It should also be noted that, if I’m not mistaken, the “African” reference on the BC was to Obama’s father, not Obama. While they may not have recorded the newborn’s race as “African”, if they ask the father what race HE is, and he answers “African”, then that’s what they would have entered.
Asked and answered: http://www.obamaconspiracy.org/2011/08/noise-2/
John, of course, is the same person who used to claim that Obama’s COLB was invalidated when the certificate number was redacted before it was posted on the Internet. He obviously has a problem distinguishing an original document from a copy of a document.
As a general rule, John is good for at least one hearty laugh per day.
And, to add to the fun, the top story on ORYR right now is that the Nordyke twin certificates, used for over a year as “proof” that Obama’s is fake…they now claim are also forged.
So in essence the birthers are claiming that there are essentially ZERO legitimate documents that exist from 1961 from the state of Hawaii, and that large numbers of random people are all connected together in an intricate web designed just to convince people…I’m not sure what exactly anymore.
Oh Lordy, so many logical and legal fallacies in just one sentence.
First, if, arguendo, Onaka “modified his own stamp”, it’s still legally his signature stamp, so it doesn’t invalidate anything. You confuse this with the seal for which there is a legal prerequisite. But if Mr Onaka wants to add a “smiley face” to his stamp today and a picture of a rubber duck tomorrow, that’s his decision.
Second, even if, arguendo, such an alteration had a legal consequence, it would mean the certified copy is invalid, not a “forgery”.
So you fail the intelligence test for a fifth grader. Pathetic.
“So you fail the intelligence test for a fifth grader. Pathetic.”
“So you fail the intelligence test for a first grader. Pathetic.”
My brother’s friend Steve works at a hospital in Hawaii, doing some kind of clerical work. Steve was born in 1982. If we asked Steve “Would birth certificates in 1961 use the term ‘African’ to describe race?” and he said “Yes”, would that be taken as reliably as these Birthers take their source’s “No”?
WTF? Are you talking about this?
I’m squinting and staring like I’m looking at one of those magic eye pictures, and I can’t see anything resembling a smiley face. Just a cursive letter ‘A’ with a slight smudge.
Let’s review, shall we?
As has been discussed here many times, the “Full Faith and Credit” clause of the US Constitution (Artilce IV, Section 1) says that if the state of Hawaii declares a state record to be authentic and valid, every other state and the federal government will accept that record as authentic and valid.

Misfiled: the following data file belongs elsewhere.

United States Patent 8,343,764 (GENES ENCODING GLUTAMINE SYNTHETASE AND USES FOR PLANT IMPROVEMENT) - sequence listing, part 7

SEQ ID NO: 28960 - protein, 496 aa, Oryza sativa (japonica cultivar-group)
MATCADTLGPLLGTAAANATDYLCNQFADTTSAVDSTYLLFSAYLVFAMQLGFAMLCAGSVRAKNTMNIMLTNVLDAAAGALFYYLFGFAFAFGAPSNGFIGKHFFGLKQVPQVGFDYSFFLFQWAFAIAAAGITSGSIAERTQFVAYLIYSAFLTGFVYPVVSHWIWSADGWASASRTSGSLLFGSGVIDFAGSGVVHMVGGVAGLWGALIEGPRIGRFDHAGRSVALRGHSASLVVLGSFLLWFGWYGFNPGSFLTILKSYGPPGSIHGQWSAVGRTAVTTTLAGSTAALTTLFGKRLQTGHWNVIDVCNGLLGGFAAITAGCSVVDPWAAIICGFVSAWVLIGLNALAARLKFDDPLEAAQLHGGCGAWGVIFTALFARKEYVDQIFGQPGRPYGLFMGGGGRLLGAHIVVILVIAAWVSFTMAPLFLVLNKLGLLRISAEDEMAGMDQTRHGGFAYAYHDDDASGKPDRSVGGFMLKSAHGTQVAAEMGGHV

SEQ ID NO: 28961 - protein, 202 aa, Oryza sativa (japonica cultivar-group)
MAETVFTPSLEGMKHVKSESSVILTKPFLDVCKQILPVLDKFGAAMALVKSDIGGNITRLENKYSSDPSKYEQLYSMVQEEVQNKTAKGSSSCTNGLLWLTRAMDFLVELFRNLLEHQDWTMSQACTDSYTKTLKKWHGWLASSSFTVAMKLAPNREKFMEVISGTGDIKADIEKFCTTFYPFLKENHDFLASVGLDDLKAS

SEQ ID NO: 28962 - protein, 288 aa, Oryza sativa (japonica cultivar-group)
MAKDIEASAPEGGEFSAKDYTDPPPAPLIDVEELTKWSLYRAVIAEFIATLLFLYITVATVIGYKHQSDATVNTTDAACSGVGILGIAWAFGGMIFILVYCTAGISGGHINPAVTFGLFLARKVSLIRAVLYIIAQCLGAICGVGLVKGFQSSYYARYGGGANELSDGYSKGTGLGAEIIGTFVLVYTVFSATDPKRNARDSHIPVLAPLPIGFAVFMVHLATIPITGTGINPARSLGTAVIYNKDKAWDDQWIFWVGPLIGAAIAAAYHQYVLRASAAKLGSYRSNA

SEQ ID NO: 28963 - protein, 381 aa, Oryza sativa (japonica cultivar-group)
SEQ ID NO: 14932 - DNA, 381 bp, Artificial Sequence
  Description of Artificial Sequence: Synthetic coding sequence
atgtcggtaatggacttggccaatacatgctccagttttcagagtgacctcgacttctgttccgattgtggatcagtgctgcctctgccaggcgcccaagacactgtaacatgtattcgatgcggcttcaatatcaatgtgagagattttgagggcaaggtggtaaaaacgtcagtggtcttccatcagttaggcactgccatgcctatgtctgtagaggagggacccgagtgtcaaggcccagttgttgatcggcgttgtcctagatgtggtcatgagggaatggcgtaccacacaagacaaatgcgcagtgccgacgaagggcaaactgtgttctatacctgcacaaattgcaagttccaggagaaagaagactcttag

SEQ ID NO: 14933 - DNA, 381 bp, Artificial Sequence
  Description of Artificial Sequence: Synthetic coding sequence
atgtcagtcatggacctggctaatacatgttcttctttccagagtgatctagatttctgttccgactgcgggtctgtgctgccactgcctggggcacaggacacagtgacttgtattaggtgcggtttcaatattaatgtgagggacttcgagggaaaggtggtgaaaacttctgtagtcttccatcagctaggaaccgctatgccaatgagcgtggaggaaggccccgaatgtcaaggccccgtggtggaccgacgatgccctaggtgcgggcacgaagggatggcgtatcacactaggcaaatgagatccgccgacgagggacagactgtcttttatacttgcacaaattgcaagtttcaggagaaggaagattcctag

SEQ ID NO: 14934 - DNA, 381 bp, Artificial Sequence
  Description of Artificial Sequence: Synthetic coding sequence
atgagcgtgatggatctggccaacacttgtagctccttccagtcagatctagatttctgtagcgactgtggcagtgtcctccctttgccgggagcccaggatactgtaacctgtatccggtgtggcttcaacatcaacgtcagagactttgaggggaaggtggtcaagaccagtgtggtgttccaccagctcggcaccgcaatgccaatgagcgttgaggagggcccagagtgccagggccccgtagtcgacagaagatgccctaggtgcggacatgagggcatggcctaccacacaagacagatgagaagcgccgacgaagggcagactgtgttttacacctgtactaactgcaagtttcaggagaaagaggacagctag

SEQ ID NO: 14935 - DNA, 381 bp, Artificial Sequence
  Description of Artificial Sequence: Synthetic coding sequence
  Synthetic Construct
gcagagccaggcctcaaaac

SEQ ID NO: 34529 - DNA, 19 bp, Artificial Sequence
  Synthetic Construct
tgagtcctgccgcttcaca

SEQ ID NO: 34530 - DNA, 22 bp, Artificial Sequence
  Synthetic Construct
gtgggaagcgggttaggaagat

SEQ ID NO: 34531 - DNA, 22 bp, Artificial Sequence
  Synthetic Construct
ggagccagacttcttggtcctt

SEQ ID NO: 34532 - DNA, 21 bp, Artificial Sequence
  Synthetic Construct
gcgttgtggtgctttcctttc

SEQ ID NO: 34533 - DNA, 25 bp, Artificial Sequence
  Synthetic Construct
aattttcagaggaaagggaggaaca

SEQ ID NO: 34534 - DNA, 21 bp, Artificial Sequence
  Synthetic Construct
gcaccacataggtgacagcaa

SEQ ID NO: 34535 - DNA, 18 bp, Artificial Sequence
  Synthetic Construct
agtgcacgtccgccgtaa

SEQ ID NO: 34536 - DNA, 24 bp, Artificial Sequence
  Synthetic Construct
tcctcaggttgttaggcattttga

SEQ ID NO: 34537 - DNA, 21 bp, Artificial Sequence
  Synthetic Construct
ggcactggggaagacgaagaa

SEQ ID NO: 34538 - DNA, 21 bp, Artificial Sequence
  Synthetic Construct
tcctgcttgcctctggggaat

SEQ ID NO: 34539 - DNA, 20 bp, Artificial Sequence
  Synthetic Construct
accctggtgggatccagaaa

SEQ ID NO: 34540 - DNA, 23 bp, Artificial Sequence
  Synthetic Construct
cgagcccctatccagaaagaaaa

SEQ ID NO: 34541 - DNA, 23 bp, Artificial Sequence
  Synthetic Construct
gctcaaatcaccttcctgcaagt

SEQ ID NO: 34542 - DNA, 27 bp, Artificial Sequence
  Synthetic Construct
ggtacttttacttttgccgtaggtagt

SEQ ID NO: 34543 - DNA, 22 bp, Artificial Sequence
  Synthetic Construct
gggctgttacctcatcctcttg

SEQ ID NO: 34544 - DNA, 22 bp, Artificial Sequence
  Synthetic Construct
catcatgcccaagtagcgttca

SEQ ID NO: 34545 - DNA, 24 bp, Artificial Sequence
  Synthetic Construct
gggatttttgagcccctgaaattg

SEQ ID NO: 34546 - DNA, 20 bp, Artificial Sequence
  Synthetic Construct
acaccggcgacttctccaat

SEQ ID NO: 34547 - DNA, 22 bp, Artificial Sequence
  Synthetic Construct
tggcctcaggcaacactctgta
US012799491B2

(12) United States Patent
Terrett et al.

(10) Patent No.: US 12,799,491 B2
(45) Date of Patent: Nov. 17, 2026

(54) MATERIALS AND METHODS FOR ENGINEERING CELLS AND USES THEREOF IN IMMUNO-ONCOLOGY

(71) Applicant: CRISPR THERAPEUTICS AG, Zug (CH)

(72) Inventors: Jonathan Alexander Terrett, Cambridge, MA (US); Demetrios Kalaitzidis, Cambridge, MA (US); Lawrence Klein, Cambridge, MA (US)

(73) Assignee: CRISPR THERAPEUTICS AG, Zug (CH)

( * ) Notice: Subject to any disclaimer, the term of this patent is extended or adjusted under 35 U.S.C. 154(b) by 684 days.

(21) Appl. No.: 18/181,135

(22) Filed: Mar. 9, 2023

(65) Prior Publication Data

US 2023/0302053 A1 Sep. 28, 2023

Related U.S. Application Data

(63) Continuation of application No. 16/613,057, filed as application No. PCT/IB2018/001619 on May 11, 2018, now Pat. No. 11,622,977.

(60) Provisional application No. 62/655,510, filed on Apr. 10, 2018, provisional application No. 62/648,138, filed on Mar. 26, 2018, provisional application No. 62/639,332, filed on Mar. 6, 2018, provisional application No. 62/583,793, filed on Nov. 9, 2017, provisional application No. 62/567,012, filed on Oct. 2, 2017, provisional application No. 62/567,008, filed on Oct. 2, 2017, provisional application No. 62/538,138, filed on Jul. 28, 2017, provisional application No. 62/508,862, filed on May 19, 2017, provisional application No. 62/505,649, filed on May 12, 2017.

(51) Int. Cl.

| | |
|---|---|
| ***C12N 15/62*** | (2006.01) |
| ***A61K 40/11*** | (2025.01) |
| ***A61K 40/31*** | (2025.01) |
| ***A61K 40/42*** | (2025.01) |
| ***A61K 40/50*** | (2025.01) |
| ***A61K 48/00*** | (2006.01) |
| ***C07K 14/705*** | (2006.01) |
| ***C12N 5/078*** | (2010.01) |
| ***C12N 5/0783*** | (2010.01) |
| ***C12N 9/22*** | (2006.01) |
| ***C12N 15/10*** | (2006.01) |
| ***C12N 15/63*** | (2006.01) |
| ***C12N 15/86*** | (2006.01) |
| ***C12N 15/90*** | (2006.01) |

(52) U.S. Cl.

In 2008 the Republican administration of Governor Lingle declared Barack Obama’s birth records to be authentic and valid. In 2011 the Democratic administration of Governor Abercrombie has declared Barack Obama’s birth records to be authentic and valid.
No Court in the nation and not one single judge or justice in the nation has ruled Barack Obama’s birth record to be fraudulent or invalid. There have been more than 130 lawsuits concerning Obama’s eligibility.
The adjudication scoreboard is Obama’s eligibility: 130/Birthers winning a ruling that Obama is ineligible: 0
Not one second of congressional hearing testimony has been held concerning the validity and authenticity of Barack Obama’s birth record.
This is a settled legal issue to all but the lunatic fringe conspiracy theorists.
one more mention of “African”
I knew African exchange students at University of Hawaii in 1961***, none of them would use the American term “Negro”, if asked for race their answer is “African”, many of you have same experience with African exchange students.
*** possibly Obama’s father as well! the student I knew had a white wife that just gave birth, though I don’t remember names, who could that be?
john is competing for dimwit of the year award (Orly is favored)
I can’t make up my mind if Birthers are moving toward consistency, by at least applying the same weird standards to ALL birth certificates, or further into the field of lunacy.
Dean should offer $10,000 to an individual who can produce a US birth certificate that lists a parent as “African” for the race. (besides Obama of course) Even assuming Obama Sr. listed himself as “African” under race does that mean we take that his allegiance was to Africa (Kenya) not to the US in terms of race. Obama Sr. was in the US. He was supposed have allegiance to the US. Therefore, his race was “black” or “Negro” not “African”.
I looked closely, and it is NOT a smiley face. It’s a unicorn.
What did you do in school, besides take up space?
He probably just went to school for the free lunch.
Look on Orly’s World. There was both a phone conversation and an e-mail. The e-mail basically said they can’t comment on anything but to say the story was a lie.
All you can eat library paste, I’m guessing.
What “smiley face?”
Internet posted, Adobe photoshopped and optimized scans of a Hawaii birth record are legally irrelevant.
The only birth record that matters is the one that both the Lingle Administration and the Abercrombie administration have confirmed as authentic and valid. It resides in a safe in the Hawaii Department of Health records in Honolulu and the only people who have seen it are Dr. Chiyome Fukino, Dr. Alvin T. Onaka, Ms. Loretta Fuddy and whoever the Health Department employee was who made photocopies of the original.